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The Beveridge curve

What’s new in FRED? Beyond the pie charts we saw on the blog a week ago, FRED also features scatter plots, like the one shown here. The classic scatter plot used in economic analysis is the Beveridge curve, which describes the dynamics of the labor market through the business cycles, with the unemployment rate on the horizontal axis and the job openings rate on the vertical axis. Thus, every point corresponds to the values of those two rates on a particular date, with the dates connected by a line.

As one would expect, when the unemployment rate is high, the job openings rate is low (and vice versa). If markets were perfectly fluid with perfectly adjustable wages, both rates would be zero. But there are all sorts of frictions, from rigidities in wages to spatial, sectoral, and competency mismatches between demand and supply of labor. These frictions typically generate a scatter plot that looks like a banana, as the markets react sluggishly to changing conditions. Because the current business cycle has been so long and continues even now, the line around the banana is not yet complete.

How this graph was created: Select the two series, the maximum time range, then choose “scatter” for the graph type. To connect the dots, choose a non-zero line width in the settings of the first series. That’s where you can also adjust the size of the dots.

Suggested by Christian Zimmermann

View on FRED, series used in this post: JTSJOR, UNRATE

Dating the financial crisis using fixed income market yield spreads

How would you answer the question, “When did the Great Financial Crisis begin?” Some date the beginning of the crisis according to the events surrounding the failure of Lehman Brothers in mid-September 2008. But at that point, financial markets had already been in turmoil for more than a year, as certain time series from the summer of 2007 show. So how do you date the crisis?

One way to date the recent financial crisis is to identify significant breaks in the dynamics of yield spreads from U.S. fixed income markets (thought to be at the core of the crisis) using appropriate statistical techniques, like I do in a forthcoming article (working paper version) along with coauthors Massimo Guidolin and Pierangelo De Pace. With a particular definition of financial crisis in mind, this procedure allows us to identify the weeks of August 3, 2007, and June 26, 2009, as the beginning and the end of the crisis, at least from the perspective of fixed income yield spreads.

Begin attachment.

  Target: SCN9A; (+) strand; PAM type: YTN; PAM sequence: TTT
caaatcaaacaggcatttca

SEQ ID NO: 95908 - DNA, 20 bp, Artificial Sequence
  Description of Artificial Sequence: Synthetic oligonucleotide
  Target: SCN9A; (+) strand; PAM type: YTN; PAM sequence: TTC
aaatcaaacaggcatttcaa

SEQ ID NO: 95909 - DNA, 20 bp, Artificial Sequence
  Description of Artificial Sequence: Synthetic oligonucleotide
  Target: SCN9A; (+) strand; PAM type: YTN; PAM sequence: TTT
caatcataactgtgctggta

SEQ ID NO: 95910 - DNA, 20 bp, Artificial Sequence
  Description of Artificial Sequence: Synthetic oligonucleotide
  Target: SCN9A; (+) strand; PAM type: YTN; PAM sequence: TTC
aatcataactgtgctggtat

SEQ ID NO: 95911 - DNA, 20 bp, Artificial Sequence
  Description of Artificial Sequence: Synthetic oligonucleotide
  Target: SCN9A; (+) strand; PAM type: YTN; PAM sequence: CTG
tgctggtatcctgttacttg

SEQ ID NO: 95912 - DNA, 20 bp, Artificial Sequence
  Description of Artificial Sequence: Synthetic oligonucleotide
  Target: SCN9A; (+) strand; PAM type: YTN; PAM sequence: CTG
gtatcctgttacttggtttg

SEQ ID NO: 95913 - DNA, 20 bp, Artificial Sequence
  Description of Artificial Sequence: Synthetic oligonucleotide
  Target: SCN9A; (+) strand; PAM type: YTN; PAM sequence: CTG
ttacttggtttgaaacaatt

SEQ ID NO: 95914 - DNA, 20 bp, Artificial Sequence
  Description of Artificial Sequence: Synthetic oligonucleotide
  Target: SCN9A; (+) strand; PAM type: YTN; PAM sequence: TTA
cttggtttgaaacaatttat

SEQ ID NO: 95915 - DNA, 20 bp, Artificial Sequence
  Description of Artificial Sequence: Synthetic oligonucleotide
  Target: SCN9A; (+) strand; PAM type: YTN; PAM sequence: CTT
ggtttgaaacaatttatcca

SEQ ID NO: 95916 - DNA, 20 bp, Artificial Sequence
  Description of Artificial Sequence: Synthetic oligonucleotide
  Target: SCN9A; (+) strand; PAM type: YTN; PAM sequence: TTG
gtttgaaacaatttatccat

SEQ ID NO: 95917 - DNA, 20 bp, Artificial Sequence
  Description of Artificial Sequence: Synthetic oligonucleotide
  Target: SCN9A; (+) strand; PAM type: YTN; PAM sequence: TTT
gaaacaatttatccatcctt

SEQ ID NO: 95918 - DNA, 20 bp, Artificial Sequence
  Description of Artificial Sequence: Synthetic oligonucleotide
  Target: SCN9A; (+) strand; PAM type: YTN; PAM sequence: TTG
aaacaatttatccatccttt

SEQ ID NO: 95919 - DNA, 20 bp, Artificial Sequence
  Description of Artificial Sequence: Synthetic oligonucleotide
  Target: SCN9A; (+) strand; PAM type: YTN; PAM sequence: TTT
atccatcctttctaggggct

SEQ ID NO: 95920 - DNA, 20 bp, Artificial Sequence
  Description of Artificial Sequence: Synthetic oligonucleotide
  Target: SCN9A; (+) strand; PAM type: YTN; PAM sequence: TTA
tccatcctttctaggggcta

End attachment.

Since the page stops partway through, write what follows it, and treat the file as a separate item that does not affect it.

While some of the spreads we use are based on proprietary data, several can be constructed from FRED data. In the graph, we plot the spread between Moody’s seasoned Aaa corporate bond yield and Moody’s seasoned Baa corporate bond yield, as well as the spread between the 30-year fixed-rate mortgage average in the United States and the 30-year Treasury constant maturity rate.

Even just eyeballing the graph gives a sense of the degree of comovement of these spreads at least for the period beginning in 2007. Moreover, the spreads show an upward shift in their level approximately in the second half of 2007 as well as a downward shift approximately in mid-2009.

How this graph was created: In FRED, enter “Moody’s” in the search box. This will return a few Moody’s series: I first selected the Baa corporate bond yield and then added the Aaa corporate bond yield. The spread is then the difference between the two: a-b. A similar transformation was applied to the 30-year Treasury constant maturity rate and the 30-year fixed-rate mortgage average in the United States.

Suggested by Silvio Contessi

View on FRED, series used in this post: AAA, BAA, DGS30, MORTGAGE30US

Who holds federal debt?

Yes. You’re seeing it right: FRED now features pie charts! This chart shows who holds federal debt, which excludes federal debt held within the federal government itself but includes debt held by local and state governments and public entities. Close to half is held by foreign investors, about a fifth by the Federal Reserve, and the rest by domestic investors. Unfortunately, the Treasury doesn’t specifically provide the amount of debt held by private domestic investors alone, so that has to be calculated, as shown here.

How this graph was created: Choose the series “Federal Debt Held by Federal Reserve Banks” and “Federal Debt Held by Foreign & International Investors.” Now, to create the series that shows only private domestic holders of federal debt, select “Federal Debt Held by Private Investors” and then use “Add data series, modify existing series” to include “Federal Debt Held by Foreign & International Investors.” Apply the data transformation a-b and then select graph type “pie,” which will default to the last observation.

Also: To see how the debt holdings have evolved, click on “customize” below the graph and change the graph settings to graph type “line,” “area” or “bar,” and then expand the date range. Set stacking to “percent” to see how the relative shares have evolved.

Suggested by Christian Zimmermann

View on FRED, series used in this post: FDHBFIN, FDHBFRBN, FDHBPIN

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